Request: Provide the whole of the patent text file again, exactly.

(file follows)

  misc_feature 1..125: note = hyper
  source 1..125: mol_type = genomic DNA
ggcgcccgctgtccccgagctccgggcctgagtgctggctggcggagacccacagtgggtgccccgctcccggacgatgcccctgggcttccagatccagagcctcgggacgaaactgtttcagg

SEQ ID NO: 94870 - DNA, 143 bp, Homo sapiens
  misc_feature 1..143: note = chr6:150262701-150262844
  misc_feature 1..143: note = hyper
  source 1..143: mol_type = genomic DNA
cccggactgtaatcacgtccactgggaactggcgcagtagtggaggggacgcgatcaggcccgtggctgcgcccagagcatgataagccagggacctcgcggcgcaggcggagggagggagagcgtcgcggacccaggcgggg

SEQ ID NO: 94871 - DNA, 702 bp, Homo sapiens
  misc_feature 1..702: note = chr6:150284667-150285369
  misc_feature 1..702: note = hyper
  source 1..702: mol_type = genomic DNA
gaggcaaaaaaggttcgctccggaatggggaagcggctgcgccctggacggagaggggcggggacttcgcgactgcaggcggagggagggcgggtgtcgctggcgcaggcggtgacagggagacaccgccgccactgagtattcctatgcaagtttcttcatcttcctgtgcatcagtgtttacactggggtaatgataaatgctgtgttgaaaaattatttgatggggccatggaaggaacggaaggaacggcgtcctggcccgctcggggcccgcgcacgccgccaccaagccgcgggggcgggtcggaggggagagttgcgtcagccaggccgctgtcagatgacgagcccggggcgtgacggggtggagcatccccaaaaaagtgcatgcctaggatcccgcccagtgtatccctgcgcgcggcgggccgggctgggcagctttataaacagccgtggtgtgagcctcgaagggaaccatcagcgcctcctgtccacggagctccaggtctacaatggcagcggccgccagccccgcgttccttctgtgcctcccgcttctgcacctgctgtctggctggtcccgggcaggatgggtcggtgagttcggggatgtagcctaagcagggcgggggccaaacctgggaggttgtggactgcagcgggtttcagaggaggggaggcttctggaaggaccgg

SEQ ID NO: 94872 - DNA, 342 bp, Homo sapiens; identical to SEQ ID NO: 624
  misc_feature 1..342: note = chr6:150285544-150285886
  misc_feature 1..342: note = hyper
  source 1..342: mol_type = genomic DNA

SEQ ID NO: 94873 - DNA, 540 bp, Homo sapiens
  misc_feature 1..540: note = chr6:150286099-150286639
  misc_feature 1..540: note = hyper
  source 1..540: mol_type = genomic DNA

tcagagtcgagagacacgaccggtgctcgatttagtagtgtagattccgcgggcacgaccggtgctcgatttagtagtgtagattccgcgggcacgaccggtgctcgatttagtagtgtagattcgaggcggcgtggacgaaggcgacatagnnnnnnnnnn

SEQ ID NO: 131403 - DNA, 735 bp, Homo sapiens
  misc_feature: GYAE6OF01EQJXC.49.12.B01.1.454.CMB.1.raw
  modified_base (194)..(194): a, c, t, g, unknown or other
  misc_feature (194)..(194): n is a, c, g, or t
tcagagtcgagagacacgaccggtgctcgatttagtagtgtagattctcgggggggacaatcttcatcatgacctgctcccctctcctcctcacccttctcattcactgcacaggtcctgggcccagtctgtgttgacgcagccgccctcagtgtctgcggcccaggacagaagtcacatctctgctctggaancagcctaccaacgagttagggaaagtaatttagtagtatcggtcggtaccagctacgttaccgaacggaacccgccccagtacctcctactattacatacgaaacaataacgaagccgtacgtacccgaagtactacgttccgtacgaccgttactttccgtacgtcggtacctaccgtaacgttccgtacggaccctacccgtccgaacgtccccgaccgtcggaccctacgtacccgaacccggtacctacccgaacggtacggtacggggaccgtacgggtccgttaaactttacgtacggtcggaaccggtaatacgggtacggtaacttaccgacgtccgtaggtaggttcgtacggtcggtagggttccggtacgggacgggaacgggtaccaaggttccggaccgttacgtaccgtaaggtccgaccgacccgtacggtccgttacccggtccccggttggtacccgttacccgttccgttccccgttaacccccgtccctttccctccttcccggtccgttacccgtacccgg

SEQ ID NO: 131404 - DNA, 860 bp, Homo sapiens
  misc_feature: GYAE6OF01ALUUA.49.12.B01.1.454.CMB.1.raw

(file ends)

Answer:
  misc_feature 1..125: note = hyper
  source 1..125: mol_type = genomic DNA
ggcgcccgctgtccccgagctccgggcctgagtgctggctggcggagacccacagtgggtgccccgctcccggacgatgcccctgggcttccagatccagagcctcgggacgaaactgtttcagg

SEQ ID NO: 94870 - DNA, 143 bp, Homo sapiens
  misc_feature 1..143: note = chr6:150262701-150262844
  misc_feature 1..143: note = hyper
  source 1..143: mol_type = genomic DNA
cccggactgtaatcacgtccactgggaactggcgcagtagtggaggggacgcgatcaggcccgtggctgcgcccagagcatgataagccagggacctcgcggcgcaggcggagggagggagagcgtcgcggacccaggcgggg

SEQ ID NO: 94871 - DNA, 702 bp, Homo sapiens
  misc_feature 1..702: note = chr6:150284667-150285369
  misc_feature 1..702: note = hyper
  source 1..702: mol_type = genomic DNA
gaggcaaaaaaggttcgctccggaatggggaagcggctgcgccctggacggagaggggcggggacttcgcgactgcaggcggagggagggcgggtgtcgctggcgcaggcggtgacagggagacaccgccgccactgagtattcctatgcaagtttcttcatcttcctgtgcatcagtgtttacactggggtaatgataaatgctgtgttgaaaaattatttgatggggccatggaaggaacggaaggaacggcgtcctggcccgctcggggcccgcgcacgccgccaccaagccgcgggggcgggtcggaggggagagttgcgtcagccaggccgctgtcagatgacgagcccggggcgtgacggggtggagcatccccaaaaaagtgcatgcctaggatcccgcccagtgtatccctgcgcgcggcgggccgggctgggcagctttataaacagccgtggtgtgagcctcgaagggaaccatcagcgcctcctgtccacggagctccaggtctacaatggcagcggccgccagccccgcgttccttctgtgcctcccgcttctgcacctgctgtctggctggtcccgggcaggatgggtcggtgagttcggggatgtagcctaagcagggcgggggccaaacctgggaggttgtggactgcagcgggtttcagaggaggggaggcttctggaaggaccgg

SEQ ID NO: 94872 - DNA, 342 bp, Homo sapiens; identical to SEQ ID NO: 624
  misc_feature 1..342: note = chr6:150285544-150285886
  misc_feature 1..342: note = hyper
  source 1..342: mol_type = genomic DNA

SEQ ID NO: 94873 - DNA, 540 bp, Homo sapiens
  misc_feature 1..540: note = chr6:150286099-150286639
  misc_feature 1..540: note = hyper
  source 1..540: mol_type = genomic DNA

tcagagtcgagagacacgaccggtgctcgatttagtagtgtagattccgcgggcacgaccggtgctcgatttagtagtgtagattccgcgggcacgaccggtgctcgatttagtagtgtagattcgaggcggcgtggacgaaggcgacatagnnnnnnnnnn

SEQ ID NO: 131403 - DNA, 735 bp, Homo sapiens
  misc_feature: GYAE6OF01EQJXC.49.12.B01.1.454.CMB.1.raw
  modified_base (194)..(194): a, c, t, g, unknown or other
  misc_feature (194)..(194): n is a, c, g, or t
tcagagtcgagagacacgaccggtgctcgatttagtagtgtagattctcgggggggacaatcttcatcatgacctgctcccctctcctcctcacccttctcattcactgcacaggtcctgggcccagtctgtgttgacgcagccgccctcagtgtctgcggcccaggacagaagtcacatctctgctctggaancagcctaccaacgagttagggaaagtaatttagtagtatcggtcggtaccagctacgttaccgaacggaacccgccccagtacctcctactattacatacgaaacaataacgaagccgtacgtacccgaagtactacgttccgtacgaccgttactttccgtacgtcggtacctaccgtaacgttccgtacggaccctacccgtccgaacgtccccgaccgtcggaccctacgtacccgaacccggtacctacccgaacggtacggtacggggaccgtacgggtccgttaaactttacgtacggtcggaaccggtaatacgggtacggtaacttaccgacgtccgtaggtaggttcgtacggtcggtagggttccggtacgggacgggaacgggtaccaaggttccggaccgttacgtaccgtaaggtccgaccgacccgtacggtccgttacccggtccccggttggtacccgttacccgttccgttccccgttaacccccgtccctttccctccttcccggtccgttacccgtacccgg

SEQ ID NO: 131404 - DNA, 860 bp, Homo sapiens
  misc_feature: GYAE6OF01ALUUA.49.12.B01.1.454.CMB.1.raw